AI adoption: where do the leading US companies stand 

by | Aug 2, 2023

By Cristina Dyer, investment analyst at Evenlode Investment 

We recently attended the Bernstein Strategic Decisions Conference in New York, an influential c-suite gathering of 140 executives from leading US companies across a wide range of industries. This provided us with an opportunity to deepen our knowledge of our coverage companies and to discover potential new ideas. The conference also provided insights into management teams’ thoughts on several key themes.  

The generative AI opportunity   

This was arguably the number one message CEOs wanted to convey – their unanimous enthusiasm for the productivity enhancement opportunities opened by generative AI.  

Even the CEO of Johnson & Johnson (a recent addition to our portfolio), felt compelled to remind investors that while they are a life-science company at heart, they can also leverage this new technology to expedite drug development.  

The three “hyper-scalers” (Alphabet, Microsoft and Amazon), provide the computing power to deliver these capabilities and are consequently in a strong position to benefit from generative AI. 

Similarly, creative industries including graphics, animation and gaming design have already experienced a productivity boost from generative AI to originate code and accelerate content creation.  

At the conference, the CEO of Cadence, a company that provides software for designing semiconductors, highlighted the potential to capture a larger share of clients’ R&D expenditure.  

This is because chips powering AI necessitate more advanced and expensive software tools for their development.

Scepticism remains  

However, beyond these instances, we found that most other companies remain at the very early stages of the adoption cycle and are still developing practical applications for their “AI strategy” beyond back-office optimisation.  

At present, management teams appear uneasy about incorporating the new technology into customer-facing applications. The CEO of Intercontinental Exchange stressed sensible concerns over generative AI releasing excessive amounts of proprietary data to the outside world.  

This is amplified by unresolved issues around contractual relations and ownership structures. Instead, short-term applications are likely to be focused on automating and accelerating manual work processes around production and supply chain for incremental cost improvements.  

Another aspect we’ve been listening for, especially as it relates to a number of the Evenlode Gloabl Equity portfolio, is the degree to which large language models powering chatbots will transform e-commerce search functionality and unlock a greater level of customer conversion. However, presentations from the eBay and Etsy CEOs suggested that this revolution is still some time away.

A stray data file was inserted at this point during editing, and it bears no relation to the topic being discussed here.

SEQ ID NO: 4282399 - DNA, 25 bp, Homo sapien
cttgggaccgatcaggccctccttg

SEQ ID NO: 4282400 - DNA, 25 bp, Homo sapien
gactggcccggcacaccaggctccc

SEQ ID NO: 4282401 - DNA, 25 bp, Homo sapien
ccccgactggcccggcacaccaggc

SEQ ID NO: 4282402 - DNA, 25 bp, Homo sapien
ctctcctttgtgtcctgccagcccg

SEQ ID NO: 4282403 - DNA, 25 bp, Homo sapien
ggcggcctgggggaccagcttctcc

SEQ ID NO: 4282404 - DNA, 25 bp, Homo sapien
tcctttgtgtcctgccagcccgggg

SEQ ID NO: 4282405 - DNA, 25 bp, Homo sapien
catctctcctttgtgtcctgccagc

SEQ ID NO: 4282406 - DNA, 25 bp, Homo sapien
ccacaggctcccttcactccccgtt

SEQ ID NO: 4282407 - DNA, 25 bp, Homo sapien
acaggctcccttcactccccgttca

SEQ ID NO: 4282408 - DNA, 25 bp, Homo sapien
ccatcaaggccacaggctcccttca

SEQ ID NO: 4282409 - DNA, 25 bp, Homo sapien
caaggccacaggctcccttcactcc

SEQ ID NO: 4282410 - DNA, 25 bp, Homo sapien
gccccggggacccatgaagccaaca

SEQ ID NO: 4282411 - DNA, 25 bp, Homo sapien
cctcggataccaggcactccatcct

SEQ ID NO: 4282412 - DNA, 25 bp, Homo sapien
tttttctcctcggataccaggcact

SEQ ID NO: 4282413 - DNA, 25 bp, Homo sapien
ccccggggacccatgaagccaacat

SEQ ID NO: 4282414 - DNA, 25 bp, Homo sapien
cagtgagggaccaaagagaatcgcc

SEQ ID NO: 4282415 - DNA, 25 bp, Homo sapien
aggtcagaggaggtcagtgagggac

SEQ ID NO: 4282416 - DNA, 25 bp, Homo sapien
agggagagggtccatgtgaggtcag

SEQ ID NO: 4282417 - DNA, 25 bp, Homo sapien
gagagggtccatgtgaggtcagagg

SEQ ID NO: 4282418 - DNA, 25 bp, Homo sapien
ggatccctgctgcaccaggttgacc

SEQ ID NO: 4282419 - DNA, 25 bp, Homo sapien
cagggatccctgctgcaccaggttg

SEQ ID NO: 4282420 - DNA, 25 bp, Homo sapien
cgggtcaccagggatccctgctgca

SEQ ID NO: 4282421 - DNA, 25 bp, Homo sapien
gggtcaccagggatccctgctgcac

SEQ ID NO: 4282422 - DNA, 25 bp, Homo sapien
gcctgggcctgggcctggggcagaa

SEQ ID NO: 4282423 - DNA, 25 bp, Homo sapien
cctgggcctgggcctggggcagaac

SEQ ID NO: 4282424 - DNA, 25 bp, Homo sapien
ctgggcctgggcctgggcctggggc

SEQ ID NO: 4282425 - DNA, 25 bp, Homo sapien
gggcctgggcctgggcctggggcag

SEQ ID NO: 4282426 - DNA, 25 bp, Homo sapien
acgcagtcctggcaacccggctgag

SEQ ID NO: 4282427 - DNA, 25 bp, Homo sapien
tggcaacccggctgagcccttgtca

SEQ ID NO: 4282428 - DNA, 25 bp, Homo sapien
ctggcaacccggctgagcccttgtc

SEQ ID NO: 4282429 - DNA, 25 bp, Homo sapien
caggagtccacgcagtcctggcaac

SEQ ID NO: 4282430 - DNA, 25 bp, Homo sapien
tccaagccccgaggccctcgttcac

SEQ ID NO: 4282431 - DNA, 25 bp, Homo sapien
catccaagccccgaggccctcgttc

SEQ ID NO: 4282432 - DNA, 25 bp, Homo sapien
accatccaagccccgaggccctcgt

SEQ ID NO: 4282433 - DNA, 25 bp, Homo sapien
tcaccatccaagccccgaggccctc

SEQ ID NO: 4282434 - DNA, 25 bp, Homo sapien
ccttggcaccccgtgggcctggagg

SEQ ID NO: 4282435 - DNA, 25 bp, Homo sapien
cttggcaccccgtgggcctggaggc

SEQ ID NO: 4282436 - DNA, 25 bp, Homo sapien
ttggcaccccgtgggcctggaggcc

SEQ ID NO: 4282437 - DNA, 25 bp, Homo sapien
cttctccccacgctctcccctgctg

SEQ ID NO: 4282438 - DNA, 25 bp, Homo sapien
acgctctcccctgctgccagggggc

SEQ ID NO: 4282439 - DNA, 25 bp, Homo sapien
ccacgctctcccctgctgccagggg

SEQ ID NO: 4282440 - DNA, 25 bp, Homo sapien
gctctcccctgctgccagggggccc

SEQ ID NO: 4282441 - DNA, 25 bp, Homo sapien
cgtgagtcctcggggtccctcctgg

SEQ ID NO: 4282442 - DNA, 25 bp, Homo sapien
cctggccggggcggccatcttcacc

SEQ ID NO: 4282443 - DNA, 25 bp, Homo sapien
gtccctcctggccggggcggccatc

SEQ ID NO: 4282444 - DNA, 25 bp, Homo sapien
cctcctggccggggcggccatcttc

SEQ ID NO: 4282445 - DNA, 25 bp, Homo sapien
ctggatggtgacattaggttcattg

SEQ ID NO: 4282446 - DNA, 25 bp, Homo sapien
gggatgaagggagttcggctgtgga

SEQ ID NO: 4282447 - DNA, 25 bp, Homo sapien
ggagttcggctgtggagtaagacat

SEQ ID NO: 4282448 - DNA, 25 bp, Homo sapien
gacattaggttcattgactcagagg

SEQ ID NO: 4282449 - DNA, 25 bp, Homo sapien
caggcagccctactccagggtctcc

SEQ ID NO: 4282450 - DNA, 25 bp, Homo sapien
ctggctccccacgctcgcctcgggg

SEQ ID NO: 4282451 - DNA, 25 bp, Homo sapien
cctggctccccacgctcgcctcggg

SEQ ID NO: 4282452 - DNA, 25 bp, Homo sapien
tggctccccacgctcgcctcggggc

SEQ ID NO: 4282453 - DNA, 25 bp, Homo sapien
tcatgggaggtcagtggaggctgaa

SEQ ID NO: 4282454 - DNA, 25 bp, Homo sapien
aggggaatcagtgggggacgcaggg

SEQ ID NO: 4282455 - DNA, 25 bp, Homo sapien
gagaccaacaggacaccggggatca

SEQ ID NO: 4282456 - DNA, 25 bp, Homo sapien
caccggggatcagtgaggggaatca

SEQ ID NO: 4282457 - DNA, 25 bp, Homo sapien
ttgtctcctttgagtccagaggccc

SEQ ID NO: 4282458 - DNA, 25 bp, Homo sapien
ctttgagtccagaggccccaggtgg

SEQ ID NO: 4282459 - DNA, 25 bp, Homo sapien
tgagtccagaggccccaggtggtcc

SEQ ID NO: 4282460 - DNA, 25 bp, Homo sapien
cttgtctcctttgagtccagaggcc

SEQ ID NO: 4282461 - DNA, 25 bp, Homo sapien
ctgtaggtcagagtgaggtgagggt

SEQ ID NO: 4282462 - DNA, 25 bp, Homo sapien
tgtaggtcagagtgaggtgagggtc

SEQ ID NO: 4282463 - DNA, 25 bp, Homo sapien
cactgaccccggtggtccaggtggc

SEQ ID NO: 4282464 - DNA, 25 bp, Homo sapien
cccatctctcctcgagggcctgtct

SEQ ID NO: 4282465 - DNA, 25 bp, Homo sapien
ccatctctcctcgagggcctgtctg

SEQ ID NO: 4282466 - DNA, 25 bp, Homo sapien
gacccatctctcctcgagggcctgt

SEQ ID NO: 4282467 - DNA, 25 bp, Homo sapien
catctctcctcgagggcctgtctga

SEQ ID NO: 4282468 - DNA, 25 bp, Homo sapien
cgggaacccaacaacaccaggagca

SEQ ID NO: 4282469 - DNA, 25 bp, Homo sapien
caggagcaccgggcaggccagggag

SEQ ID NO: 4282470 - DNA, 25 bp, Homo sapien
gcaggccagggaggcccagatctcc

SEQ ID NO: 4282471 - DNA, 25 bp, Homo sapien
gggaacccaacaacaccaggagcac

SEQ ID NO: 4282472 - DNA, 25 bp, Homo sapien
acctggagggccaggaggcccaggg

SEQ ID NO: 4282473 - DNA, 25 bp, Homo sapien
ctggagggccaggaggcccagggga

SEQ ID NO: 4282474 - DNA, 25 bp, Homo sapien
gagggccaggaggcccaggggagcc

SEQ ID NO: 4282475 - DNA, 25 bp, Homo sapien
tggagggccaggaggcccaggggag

The macro backdrop  

The other common consensus at the conference was, that despite a fractious geopolitical environment, the US consumer continues to be resilient, although a moderate slowdown may be on the horizon.  

Several consumer-facing companies noted little strain in their operations, with pricing holding up well. Two US brewers (Constellation Brands and Molson Coors) presenting at the conference commented that ‘premiumisation’ trends are continuing, albeit with slight shifts in consumer purchasing patterns at the edges. Consumers are still drawn to super-premium brands, but are either reducing the average cost of a beer by opting for larger pack sizes – if they can afford the cash outlay upfront – or buying smaller sizes more often.  

This contrasts with big-box retailers who conveyed a generally more negative perspective, having resorted to increased promotional activities to decrease inventories in some discretionary verticals.  

Visa and Mastercard’s insights into consumer spending patterns echoed these trends; while US dollar purchase volumes saw a slowdown in April and May, the number of processed transactions remained robust. A reduction in the average transaction size suggests some strain on large-ticket and discretionary items. Contrasting this, cross-border spending continues a healthy recovery, suggesting that consumers are still prioritising travel and experiences.   

However, consumer liquidity is declining as the CEO of Jack Henry (a leading provider of core banking solutions) told attendees that US consumers are starting to draw down on their savings despite robust jobs data. Goldman Sachs shared that consumers drive 70% of the US economy, hence the consumer’s health is the economy’s health.  

Although we agree that there is room for AI to accelerate production and supply chain work processes, and to drive incremental cost improvements, there are still several nuances that will need to be addressed before companies can experience substantial benefits from this emerging technology.   

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